After the birth of the Charismatic Renewal Movement over a half century ago, understanding of the supernatural gifts of the Holy Spirit was restored. With an overemphasis on the gifts, however, there is the danger of neglecting what Jesus taught and commanded his disciples in the gospels well before Pentecost.
The coming of the Holy Spirit at Pentecost did not negate what Jesus taught in the gospels. Rather it emboldened the disciples to obey his command to preach the gospel. A prime instance of this is Peter, who overcome by fear at Gethsemane denied knowing Jesus three times. But immediately after the Spirit came upon him at Pentecost, a transformed Peter boldly preached the gospel to an astonished crowd.
Acts 1:8 But you will receive power when the Holy Spirit comes on you; and you will be my witnesses in Jerusalem, and in all Judea and Samaria, and to the ends of the earth.”
To help the Church to mature and to grow up in all things to be like our Lord, we are given the gifts of the Holy Spirit. These spiritual gifts are for the common good of the body of Christ (1 Corinthians 12:7). They are for the purpose of building up and edifying the Church.
1 Corinthians 14:12 …Since you are eager for gifts of the Spirit, try to excel in those that build up the church.
But to what end do we build up the Church? Is it an end in itself? Yes, prophecies can certainly encourage us, but what is their ultimate purpose in the life of a believer?
Ultimately, they equip us to fulfill God’s purpose for us as witnesses of Jesus Christ—for the Church to fulfill the Great Commission by preaching the gospel in the whole world and making disciples of all nations—a prerequisite for the return of the Messiah.
And how did Jesus teach and command his disciples to preach the gospel?
Luke 9:1 When Jesus had called the Twelve together, he gave them POWER and AUTHORITY to drive out all demons and to cure diseases, 2 and he sent them out to proclaim the kingdom of God and to heal the sick. …6 So they set out and went from village to village, proclaiming the good news and healing people everywhere.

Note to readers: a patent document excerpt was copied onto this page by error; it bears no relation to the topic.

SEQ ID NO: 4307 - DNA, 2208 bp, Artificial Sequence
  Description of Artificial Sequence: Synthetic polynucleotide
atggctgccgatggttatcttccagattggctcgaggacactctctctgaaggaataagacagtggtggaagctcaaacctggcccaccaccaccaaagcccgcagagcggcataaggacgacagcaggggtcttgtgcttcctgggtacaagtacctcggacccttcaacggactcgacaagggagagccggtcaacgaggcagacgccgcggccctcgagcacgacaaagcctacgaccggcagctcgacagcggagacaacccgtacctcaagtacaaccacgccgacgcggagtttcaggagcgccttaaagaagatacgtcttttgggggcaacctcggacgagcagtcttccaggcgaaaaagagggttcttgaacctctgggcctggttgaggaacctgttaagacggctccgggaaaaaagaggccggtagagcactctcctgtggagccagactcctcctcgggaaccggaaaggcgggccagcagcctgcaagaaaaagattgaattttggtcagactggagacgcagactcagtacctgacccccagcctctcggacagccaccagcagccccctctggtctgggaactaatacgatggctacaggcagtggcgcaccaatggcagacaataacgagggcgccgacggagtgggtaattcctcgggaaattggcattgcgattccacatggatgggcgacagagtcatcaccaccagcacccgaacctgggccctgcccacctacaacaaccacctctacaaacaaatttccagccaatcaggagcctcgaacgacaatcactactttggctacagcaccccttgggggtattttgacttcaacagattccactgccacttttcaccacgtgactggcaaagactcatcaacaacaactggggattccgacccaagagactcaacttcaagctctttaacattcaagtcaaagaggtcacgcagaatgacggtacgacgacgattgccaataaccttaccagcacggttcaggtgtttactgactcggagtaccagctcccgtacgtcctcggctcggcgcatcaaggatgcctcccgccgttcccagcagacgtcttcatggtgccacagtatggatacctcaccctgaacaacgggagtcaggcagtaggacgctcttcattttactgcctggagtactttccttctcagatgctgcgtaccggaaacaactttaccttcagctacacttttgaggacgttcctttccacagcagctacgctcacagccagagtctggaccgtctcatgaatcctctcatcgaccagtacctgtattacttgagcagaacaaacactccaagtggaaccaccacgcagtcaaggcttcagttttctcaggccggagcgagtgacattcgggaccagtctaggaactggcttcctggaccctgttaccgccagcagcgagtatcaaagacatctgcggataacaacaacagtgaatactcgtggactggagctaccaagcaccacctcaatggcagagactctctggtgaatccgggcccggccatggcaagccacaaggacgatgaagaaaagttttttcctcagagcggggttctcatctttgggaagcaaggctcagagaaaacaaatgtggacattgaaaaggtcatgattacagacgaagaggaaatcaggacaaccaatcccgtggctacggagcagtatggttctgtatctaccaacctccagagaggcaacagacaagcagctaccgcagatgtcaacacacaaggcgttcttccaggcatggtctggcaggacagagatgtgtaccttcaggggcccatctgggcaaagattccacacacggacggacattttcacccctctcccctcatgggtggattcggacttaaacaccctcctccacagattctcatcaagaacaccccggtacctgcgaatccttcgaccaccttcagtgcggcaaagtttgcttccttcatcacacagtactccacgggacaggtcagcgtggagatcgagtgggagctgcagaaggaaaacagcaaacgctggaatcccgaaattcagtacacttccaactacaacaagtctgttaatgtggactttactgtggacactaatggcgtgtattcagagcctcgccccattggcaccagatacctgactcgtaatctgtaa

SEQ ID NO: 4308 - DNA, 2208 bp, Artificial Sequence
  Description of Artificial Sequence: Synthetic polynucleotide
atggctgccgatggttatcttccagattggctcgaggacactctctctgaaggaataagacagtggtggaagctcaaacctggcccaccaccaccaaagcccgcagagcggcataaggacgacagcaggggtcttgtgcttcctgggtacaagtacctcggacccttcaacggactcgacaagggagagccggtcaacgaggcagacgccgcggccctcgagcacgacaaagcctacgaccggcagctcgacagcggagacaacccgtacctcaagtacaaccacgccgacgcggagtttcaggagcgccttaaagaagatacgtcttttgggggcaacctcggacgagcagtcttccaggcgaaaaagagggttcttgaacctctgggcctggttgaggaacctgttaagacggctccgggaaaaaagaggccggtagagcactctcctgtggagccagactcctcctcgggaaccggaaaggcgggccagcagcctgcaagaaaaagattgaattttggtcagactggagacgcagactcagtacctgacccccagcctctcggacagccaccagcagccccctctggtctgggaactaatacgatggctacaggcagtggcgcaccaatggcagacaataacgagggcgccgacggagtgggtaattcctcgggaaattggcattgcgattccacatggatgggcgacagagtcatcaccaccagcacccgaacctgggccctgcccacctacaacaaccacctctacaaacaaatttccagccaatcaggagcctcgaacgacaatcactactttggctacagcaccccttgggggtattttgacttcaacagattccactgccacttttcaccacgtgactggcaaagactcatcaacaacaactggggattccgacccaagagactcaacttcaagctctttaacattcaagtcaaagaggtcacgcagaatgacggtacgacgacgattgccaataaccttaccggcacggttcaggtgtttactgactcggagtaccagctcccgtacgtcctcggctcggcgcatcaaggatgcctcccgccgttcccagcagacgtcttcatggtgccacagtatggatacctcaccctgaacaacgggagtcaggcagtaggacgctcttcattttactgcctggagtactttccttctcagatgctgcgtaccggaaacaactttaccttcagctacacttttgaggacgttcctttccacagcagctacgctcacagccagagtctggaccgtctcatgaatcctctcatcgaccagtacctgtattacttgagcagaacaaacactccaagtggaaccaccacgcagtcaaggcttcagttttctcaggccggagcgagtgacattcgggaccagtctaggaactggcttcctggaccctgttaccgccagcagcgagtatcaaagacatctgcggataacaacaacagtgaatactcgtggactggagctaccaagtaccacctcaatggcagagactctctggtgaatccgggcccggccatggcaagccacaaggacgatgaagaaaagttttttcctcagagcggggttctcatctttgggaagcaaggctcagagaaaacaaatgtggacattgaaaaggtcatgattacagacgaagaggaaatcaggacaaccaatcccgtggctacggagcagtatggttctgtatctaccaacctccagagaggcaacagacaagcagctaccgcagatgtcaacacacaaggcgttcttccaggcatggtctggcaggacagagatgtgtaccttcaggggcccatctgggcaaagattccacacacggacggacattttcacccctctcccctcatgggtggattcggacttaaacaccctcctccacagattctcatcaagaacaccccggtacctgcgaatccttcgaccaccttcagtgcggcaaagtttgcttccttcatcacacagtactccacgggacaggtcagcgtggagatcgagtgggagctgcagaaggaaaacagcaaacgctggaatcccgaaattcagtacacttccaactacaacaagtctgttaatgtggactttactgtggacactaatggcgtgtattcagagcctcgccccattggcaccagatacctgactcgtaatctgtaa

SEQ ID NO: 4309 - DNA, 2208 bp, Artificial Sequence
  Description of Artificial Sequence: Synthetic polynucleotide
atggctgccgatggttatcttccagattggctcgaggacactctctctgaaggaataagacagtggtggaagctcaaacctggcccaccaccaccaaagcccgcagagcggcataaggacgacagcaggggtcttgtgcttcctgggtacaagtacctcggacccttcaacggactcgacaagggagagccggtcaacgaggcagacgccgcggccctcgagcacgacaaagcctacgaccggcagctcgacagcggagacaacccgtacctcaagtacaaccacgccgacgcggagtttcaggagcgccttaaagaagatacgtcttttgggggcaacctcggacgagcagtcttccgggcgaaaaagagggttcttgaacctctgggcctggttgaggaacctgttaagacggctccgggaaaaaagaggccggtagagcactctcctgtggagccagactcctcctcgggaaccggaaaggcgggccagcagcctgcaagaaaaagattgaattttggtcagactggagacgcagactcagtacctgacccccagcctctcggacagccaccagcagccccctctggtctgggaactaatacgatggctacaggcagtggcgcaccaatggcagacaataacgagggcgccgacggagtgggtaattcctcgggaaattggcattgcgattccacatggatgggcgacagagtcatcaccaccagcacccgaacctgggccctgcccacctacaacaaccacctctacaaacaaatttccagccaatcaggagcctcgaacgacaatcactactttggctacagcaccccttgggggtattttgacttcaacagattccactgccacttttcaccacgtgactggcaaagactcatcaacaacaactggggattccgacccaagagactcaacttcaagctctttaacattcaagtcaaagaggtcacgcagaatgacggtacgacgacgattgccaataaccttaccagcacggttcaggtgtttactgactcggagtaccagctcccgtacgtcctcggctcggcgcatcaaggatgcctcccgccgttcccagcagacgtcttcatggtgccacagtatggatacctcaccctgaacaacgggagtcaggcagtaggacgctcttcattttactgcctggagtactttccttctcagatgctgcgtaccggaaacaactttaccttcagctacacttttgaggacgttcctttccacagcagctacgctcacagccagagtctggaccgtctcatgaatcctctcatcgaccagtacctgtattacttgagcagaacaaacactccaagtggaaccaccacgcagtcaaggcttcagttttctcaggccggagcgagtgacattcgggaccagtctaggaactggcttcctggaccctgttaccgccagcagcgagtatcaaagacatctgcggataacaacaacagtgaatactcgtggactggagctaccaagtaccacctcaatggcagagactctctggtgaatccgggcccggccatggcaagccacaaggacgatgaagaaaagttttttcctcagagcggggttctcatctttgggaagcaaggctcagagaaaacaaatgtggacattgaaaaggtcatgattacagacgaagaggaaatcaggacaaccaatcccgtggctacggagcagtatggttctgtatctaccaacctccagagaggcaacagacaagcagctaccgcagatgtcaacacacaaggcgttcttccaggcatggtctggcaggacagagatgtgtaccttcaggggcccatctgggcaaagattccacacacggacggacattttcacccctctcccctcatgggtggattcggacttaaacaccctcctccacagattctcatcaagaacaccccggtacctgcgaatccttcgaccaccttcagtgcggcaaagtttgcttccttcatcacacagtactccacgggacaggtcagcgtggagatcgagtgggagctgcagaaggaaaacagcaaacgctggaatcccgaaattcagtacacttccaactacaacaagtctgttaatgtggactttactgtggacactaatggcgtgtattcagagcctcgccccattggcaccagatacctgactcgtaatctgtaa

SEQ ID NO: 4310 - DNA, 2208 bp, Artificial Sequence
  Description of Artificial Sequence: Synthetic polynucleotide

Then in Luke 10:9, Jesus commanded his 72 disciples to “heal the sick who are there and tell them, ‘the kingdom of God has come near to you.’”
This power & authority was for the specific purpose of proclaiming the gospel of the kingdom to those who had not heard the gospel. As they proclaimed the gospel (and even before sharing the gospel), the disciples were to heal the sick miraculously and cast out demons as irrefutable evidence to the lost that Jesus is the Messiah.
This supernatural power & authority to be used in the context of preaching the gospel to outsiders was clearly separate and distinct from the gifts—which were not available until Pentecost and moreover for the purpose of building up of the Church, that is, for ministering to believers in the Church.
Acts reveals that after Pentecost when great harvests were reaped by the disciples among the gentiles, powerful miracles confirming the gospel were most often the overriding reason for so many turning to Christ. And these miracles were not done using the gift of healing or the gift of miracles, but clearly through the use of the authority and power Jesus gave his disciples in the gospels well before Pentecost. In fact, there is not a single instance of miraculous healing in Acts which is clearly identified as resulting from a manifestation of the gift of healing.
An examination of Acts reveals that with regard to frequency of occurrence, power & authority rank high. Their occurrence can be identified when an authoritative command is given and/or physical contact is made usually through the laying on of hands. By contrast, instances of the gift of healing in Acts, while likely present, are not at all clearly identified.
Today, however, the focus on healing in charismatic circles is exclusively on the gift of healing—which is primarily for ministering to sick believers. In contrast, power and authority—to be used in preaching the gospel—are almost never taught.
There is therefore serious imbalance within the Church regarding gifts versus power & authority.
The consequence of this imbalance has been the crippling of foreign missions to gospel-resistant people groups—regions subjugated by Islam, Hinduism, Buddhism, idol-worship, and witchcraft. According to Scripture, compelling miraculous works as evidence of the gospel (especially to such people groups) are to be done through the use of power and authority, and not primarily the gifts. But the Church, having lost the knowledge thereof, does not teach disciples how to heal the sick and cast out demons using power and authority. Ironically—and very sadly—the very weapons Jesus gave his disciples for preaching the gospel of the kingdom of God effectively and fruitfully to those who never heard have been left unused during this current era of modern missions.
During these Last Days when the Great Commission must be fulfilled, the scriptural and essential balance between gifts versus power & authority must be—and is—being restored.